• Allows off-track betting parlors, racinos, and sports stadiums/arenas to enter into affiliate agreements with casinos to host sports betting kiosks.
  • Provides professional sports leagues with a 0.2% royalty on handle from all wagers placed on their games.
  • Also mandates that operators use official league data on in-play wagers.
  • Prohibits wagering on college sporting events taking place in state or with New York teams.

New York would become the first state to grant professional sports leagues a royalty for bets placed. However, industry representatives contacted by PlayNY weren’t too bothered by the royalty. They’re much more concerned about having a competitive market, and league support helps.

“We think this is the best, most inclusive proposal of any state in the nation,” Pretlow said. “Everybody is on board with this, including the Native Americans and the sports teams – owners as well as players association. Everyone likes the approach that we took.”

Budget inclusion likely for NY sports betting apps

Pretlow said the Assembly did not include the Senate language on expediting downstate casinos because leadership felt it showed undue favoritism to converting Resorts World and Empire City to full casinos. With the governor and Assembly rejecting the matter, it doesn’t appear that expedited casinos will make the final budget.

However, with legislative unity on mobile sports wagering versus an embattled governor, Pretlow doesn’t see anything standing in the way of the sports betting language making the New York budget.

He’s not even worried that the recent $23.8 billion in federal relief funds for state and local governments could make online sports betting unnecessary.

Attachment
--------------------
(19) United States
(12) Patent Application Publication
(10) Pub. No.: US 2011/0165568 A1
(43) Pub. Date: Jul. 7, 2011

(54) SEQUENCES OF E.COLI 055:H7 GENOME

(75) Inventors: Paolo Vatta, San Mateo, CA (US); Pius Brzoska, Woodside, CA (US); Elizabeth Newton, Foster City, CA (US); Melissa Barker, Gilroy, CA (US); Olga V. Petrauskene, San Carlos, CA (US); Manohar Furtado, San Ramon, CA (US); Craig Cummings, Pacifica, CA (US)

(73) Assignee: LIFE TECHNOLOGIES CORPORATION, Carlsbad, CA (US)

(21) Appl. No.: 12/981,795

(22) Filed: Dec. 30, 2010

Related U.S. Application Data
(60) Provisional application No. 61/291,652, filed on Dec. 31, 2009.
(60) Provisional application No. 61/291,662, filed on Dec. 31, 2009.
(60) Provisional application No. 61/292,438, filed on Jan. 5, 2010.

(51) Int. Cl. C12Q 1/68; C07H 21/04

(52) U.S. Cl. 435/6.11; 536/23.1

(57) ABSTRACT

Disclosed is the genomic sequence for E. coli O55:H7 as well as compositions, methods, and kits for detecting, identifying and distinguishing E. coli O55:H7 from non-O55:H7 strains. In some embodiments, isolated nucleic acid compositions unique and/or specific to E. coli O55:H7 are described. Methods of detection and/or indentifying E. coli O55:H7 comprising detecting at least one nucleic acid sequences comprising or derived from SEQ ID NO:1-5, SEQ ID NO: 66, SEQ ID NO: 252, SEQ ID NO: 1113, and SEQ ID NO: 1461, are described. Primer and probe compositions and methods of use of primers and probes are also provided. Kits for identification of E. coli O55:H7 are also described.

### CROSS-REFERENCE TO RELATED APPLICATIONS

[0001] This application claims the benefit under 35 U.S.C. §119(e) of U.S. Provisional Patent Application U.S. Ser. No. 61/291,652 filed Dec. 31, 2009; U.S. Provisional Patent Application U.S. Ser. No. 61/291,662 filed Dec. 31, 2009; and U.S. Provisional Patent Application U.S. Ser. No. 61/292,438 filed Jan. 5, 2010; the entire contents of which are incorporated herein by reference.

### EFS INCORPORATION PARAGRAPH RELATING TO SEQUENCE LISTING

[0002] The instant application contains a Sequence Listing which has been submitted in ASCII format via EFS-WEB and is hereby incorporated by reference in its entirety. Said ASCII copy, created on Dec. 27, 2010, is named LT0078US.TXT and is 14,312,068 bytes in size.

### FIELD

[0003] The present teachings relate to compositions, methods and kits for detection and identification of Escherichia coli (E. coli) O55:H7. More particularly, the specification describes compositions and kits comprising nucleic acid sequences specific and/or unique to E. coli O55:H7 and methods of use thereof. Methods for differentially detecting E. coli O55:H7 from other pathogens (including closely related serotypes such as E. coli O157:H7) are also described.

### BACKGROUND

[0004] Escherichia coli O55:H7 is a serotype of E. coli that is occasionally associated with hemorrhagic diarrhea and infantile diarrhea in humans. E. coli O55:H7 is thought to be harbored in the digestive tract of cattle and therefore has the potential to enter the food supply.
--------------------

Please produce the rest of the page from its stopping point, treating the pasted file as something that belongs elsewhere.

“That has nothing to do with this,” Pretlow said of the federal aid. “We’re still pushing forward. We tried to do this prior to COVID, prior to federal funds, and we’re going to do it subsequently.”

Pretlow plans to be involved in budget negotiations as a member of the Economic Development Conference Committee. The budget needs to be done before the April 1 beginning of the next fiscal year.

“Right now, my role is to answer any questions that they have,” Pretlow said. “That being said, I’m pretty confident of its passage. I’m fairly confident it will go through exactly as we have it.”

Photo by Nebasin |
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Matthew Kredell

Matthew Kredell reports on efforts to legalize sports wagering and online casino gaming around the country. He covered the multi-year effort to legalize online sports betting in New York from the beginning. He talks to state lawmakers, lobbyists and industry representatives to get the scoop on new gambling developments in the Empire State and was at the forefront when the state budget included the authorization of legal online sports betting in 2021. Matthew has covered the legal gambling industry since 2007, getting into regulated sports betting three years later. An alum of USC, Matthew began his career as a sportswriter at the Los Angeles Daily News. He has also contributed to publications that include Playboy, Men’s Journal and ESPN.